As in previous issues, HNP Today offers a reflection from a friar about the season.
T.S. Eliot’s long poem, “The Four Quartets,” offers a penetrating observation: ”The moments of happiness — not the sense of well-being, fruition, fulfillment, security or affection, or even a good dinner, but the sudden illumination — We had the experience, but missed the meaning.”
Lent challenges us to be sure we have not missed the meaning of our Christian commitment. One of the primary themes of the Lenten season is the reminder of the ongoing dialectic between good and evil. Satan personifies evil; Jesus Christ personifies goodness.
The Didache, the teaching of the 12 apostles, stands as perhaps the oldest document in Christianity. In her book, Beyond Belief, Elaine Pagels, professor of religion at Princeton University, suggests that this document was written in Greek sometime between 65 and 90 A.D. Discovered in Syria, the Didache sets forth what the Christian “way of life” demands. The author, like Jesus in the Gospel of Matthew, urges his readers to be perfect. But unlike Matthew, the author adds, more practically, “If you cannot be perfect, do the best you can.”
We cannot grasp the God of mystery with our minds. We can only connect to God with our hearts through faith, trust and love. Lent reminds us to do the best we can to love God and neighbor as we want to be loved ourselves. Most religions teach some form of the Golden Rule, and also, some form of karma. St. Paul describes the idea of karma this way: “As you sow, so shall you reap.” Jesus says, “The measure with which you measure, will be used to measure you.” Matthew 7:2
Lent is a time for prayer, penance and a deeper appreciation for God’s blessings. Self-giving for the sake of God and neighbor underpins all Christian discipleship. When we reach out in love, compassion and service on behalf of our neighbors, we honor the Divine Presence dwelling within us all. St. Francis intuitively sensed this indwelling of God in all things, and God’s providential love for all creation. For Francis, each creature in its own way reflected the image of God. All creatures were worthy of reverence, and became the object of Francis’ special courtesy and respect. Francis’ message was always the same: The task of creation is to respond to God’s love with praise, joy and gratitude.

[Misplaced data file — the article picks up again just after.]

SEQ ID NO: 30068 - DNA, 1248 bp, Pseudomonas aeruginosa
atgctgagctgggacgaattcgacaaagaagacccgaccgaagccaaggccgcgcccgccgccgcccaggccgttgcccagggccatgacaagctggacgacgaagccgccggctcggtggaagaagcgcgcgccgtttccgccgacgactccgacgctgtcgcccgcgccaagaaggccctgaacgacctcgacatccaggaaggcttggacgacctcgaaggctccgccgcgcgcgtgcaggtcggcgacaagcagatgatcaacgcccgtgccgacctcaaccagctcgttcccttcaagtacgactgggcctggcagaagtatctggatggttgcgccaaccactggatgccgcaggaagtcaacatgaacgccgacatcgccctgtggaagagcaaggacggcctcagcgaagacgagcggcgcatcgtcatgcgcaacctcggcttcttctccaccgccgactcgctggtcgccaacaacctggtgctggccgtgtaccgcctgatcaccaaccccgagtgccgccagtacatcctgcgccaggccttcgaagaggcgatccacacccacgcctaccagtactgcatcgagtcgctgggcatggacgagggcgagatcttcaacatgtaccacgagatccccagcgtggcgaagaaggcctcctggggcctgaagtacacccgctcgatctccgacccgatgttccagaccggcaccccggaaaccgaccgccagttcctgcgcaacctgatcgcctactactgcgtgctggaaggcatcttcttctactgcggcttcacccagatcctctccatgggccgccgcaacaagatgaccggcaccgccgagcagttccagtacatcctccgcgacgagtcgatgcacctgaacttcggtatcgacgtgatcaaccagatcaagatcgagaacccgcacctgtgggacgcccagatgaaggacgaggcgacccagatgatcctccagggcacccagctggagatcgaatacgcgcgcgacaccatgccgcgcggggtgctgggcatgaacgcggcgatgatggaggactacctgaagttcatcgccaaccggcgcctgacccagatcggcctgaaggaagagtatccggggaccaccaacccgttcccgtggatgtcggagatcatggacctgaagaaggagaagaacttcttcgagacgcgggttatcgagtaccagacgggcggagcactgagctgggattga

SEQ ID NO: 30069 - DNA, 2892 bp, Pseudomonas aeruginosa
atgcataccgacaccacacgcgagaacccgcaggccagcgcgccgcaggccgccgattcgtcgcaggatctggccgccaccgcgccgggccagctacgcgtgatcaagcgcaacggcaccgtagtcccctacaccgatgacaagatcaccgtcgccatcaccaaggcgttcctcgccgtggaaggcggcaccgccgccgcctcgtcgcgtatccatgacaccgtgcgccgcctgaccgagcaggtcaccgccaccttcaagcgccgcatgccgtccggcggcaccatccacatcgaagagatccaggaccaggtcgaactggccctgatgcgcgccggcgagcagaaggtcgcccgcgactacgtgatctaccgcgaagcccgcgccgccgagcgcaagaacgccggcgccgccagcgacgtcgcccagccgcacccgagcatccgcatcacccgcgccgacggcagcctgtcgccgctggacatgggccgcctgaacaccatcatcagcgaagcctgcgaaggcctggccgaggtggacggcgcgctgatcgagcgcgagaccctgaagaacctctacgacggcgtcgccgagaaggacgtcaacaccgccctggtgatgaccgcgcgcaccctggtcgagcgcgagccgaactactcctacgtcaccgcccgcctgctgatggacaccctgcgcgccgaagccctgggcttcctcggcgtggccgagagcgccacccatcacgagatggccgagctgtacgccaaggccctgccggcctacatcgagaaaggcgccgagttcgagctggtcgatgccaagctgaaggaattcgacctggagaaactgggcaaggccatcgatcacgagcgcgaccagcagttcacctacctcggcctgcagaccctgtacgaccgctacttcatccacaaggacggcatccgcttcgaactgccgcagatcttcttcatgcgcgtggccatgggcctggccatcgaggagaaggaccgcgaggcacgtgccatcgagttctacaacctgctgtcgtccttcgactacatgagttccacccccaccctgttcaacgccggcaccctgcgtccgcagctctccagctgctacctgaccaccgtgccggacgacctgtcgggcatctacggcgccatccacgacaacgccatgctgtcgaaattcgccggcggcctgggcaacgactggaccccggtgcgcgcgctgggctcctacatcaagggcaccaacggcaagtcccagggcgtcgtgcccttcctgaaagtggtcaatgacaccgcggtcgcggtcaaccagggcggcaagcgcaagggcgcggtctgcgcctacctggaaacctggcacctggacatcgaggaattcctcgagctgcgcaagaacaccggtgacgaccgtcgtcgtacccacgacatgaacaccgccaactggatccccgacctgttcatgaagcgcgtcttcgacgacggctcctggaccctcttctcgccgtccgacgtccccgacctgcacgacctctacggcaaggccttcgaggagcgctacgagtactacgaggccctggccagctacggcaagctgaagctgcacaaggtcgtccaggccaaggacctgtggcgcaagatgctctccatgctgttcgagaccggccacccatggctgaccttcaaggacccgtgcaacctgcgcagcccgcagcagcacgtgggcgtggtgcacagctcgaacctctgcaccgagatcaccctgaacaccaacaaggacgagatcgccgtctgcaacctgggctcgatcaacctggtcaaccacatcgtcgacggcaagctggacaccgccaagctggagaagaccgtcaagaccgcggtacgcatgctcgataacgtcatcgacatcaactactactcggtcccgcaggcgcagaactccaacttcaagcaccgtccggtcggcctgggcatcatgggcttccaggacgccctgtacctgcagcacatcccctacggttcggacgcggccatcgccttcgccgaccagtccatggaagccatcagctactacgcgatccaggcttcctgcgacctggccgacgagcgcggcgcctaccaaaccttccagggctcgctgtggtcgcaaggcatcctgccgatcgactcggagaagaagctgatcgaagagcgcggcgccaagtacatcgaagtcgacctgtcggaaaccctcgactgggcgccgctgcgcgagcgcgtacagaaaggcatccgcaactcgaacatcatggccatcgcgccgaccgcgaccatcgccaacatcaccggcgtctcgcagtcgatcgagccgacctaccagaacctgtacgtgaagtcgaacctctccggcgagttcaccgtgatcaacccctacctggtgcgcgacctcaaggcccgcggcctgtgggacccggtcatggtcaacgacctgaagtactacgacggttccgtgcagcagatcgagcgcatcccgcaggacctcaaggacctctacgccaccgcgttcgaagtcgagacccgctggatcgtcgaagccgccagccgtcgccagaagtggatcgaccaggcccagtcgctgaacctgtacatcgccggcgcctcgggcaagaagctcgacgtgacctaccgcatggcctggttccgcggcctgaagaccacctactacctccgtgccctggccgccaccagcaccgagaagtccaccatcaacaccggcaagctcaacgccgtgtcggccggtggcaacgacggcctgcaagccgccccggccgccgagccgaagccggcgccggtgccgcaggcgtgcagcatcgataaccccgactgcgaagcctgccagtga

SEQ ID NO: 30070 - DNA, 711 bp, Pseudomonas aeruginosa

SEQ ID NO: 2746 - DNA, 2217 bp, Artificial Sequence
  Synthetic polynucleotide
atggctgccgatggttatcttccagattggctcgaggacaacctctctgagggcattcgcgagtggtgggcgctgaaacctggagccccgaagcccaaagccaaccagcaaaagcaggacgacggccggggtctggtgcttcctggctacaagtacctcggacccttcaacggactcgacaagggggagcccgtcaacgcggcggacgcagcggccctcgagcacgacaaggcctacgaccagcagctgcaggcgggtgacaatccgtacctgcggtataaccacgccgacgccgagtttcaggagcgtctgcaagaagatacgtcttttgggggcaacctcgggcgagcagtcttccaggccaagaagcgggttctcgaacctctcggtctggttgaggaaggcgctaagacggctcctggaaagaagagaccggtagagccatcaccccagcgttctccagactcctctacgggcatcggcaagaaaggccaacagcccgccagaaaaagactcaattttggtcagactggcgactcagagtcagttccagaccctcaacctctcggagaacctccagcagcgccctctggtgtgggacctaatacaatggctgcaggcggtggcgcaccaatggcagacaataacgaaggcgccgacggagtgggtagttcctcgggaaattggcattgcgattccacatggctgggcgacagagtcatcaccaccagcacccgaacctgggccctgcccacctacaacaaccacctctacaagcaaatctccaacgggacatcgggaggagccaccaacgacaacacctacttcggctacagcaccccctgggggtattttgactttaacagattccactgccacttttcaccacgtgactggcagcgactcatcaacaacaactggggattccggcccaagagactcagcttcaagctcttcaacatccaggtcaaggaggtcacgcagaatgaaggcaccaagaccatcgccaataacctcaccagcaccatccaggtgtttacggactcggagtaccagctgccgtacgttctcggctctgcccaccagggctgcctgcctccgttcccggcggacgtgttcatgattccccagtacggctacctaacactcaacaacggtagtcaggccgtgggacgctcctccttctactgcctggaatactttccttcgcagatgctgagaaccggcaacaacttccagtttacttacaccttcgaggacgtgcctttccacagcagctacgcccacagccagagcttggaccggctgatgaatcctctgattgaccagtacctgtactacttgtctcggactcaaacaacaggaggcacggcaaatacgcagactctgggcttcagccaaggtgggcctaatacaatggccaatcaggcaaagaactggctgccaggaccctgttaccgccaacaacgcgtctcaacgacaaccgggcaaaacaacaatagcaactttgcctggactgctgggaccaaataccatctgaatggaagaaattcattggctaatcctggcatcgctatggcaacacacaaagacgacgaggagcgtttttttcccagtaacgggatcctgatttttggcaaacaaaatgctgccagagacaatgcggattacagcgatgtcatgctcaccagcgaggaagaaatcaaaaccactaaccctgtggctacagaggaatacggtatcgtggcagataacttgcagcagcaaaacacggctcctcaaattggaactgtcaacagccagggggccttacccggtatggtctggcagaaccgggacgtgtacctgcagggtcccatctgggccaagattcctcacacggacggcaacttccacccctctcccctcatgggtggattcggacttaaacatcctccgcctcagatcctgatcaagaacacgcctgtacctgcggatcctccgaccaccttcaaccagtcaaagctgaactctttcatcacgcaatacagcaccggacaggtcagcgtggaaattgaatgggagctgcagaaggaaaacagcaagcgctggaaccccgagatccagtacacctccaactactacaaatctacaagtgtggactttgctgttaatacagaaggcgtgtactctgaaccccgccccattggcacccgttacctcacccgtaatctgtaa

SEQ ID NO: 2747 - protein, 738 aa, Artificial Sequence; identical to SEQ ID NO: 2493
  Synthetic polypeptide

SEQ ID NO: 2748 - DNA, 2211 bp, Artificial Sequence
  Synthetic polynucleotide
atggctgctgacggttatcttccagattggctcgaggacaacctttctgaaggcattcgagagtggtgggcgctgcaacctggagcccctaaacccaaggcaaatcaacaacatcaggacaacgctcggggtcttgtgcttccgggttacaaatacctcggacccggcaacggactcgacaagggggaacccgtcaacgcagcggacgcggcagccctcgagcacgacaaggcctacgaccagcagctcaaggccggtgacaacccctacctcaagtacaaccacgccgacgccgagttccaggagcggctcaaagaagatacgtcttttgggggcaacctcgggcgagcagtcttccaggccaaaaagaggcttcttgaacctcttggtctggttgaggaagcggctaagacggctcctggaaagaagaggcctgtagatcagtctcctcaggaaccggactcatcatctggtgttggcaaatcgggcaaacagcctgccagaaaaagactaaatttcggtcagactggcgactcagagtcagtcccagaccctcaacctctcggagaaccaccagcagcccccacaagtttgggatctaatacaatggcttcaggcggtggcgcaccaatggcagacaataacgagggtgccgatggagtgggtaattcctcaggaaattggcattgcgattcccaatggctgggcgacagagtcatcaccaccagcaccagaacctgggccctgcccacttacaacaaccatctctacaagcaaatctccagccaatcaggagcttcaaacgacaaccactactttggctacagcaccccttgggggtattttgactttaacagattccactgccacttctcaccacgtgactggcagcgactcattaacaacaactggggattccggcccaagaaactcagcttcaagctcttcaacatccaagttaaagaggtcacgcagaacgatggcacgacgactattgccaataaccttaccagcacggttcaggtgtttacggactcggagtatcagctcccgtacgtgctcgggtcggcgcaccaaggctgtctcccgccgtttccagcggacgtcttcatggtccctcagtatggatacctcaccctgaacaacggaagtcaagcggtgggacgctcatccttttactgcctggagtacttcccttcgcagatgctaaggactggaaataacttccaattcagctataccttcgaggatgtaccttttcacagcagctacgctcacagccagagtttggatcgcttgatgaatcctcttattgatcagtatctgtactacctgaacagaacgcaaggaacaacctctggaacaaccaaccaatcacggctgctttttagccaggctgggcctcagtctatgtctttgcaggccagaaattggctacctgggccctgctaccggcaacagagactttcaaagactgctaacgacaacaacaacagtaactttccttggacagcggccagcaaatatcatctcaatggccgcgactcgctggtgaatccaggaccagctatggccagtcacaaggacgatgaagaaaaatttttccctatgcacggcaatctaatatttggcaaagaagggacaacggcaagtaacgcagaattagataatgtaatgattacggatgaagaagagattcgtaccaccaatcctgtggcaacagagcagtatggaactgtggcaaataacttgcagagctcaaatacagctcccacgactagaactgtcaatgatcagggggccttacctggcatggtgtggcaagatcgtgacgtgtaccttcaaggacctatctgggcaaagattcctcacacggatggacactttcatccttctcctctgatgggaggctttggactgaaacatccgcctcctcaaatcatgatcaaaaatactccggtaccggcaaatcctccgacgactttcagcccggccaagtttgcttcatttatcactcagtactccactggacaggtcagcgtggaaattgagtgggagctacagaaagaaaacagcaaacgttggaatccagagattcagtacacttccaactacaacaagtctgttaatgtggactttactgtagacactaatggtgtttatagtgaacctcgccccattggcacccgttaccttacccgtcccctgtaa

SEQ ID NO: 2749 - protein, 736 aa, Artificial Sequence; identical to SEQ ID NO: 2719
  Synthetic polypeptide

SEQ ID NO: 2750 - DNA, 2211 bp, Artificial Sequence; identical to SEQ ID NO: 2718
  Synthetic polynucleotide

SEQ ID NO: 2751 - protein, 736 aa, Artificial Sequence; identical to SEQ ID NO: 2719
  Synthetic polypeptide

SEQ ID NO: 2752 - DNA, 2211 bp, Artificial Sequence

Shortly before he died, St. Francis blessed the world with this beautiful Old Testament prayer:
The Lord bless you and keep you.
The Lord show His face to you and have mercy on you.
The Lord turn His countenance to you and give you peace.
The Lord bless you.
Lent is a time to count our own blessings and be grateful, especially for the significant people whom God has given us to bless our lives. Too often we take those we love for granted. It is a good practice to leave loved ones with loving words, because some day it will be the last time you see them. All of us are responsible for what we do, no matter how we feel. The right to be angry is not the right to be cruel.
One can get by on charm for about 15 minutes. After that, you’d better know something. The inhumanity of person-to-person all too frequently nails people to the cross of suffering and fear. Each of us must struggle to keep our world from slipping into the paralysis and decay that T. S. Eliot describes in his poem, “The Hollow Men:” “We are the hollow men, we are the stuffed men, leaning together headpiece filled with straw, alas!”
In another poem, Eliot reflects on the feeling of futility and emptiness that comes with wasted time and a wasted life: “I have measured out my life with coffee spoons.” As some inspired person put it: When you were born, you were crying and everyone around you was smiling. Live your life so at the end, you’re the one who is smiling and everyone around you is crying.
Lent is a good time to take a few quiet moments to reflect on the prayer of King Solomon: “Give me a listening heart, that I may know the difference between good and evil, and that I may live the way you want me to live.” 1 Kings 3
My mother loved to sing a melody called “Just a Son at Twilight.” For me, the last verse of that song sums up what Christian love is all about. The final verse goes like this: “And in the end, when evening shadows fall, love will be found as the sweetest song of all.”
— Fr. Stephen, a resident of St. Francis Friary in Providence, R.I., contributes frequently to this and other publications.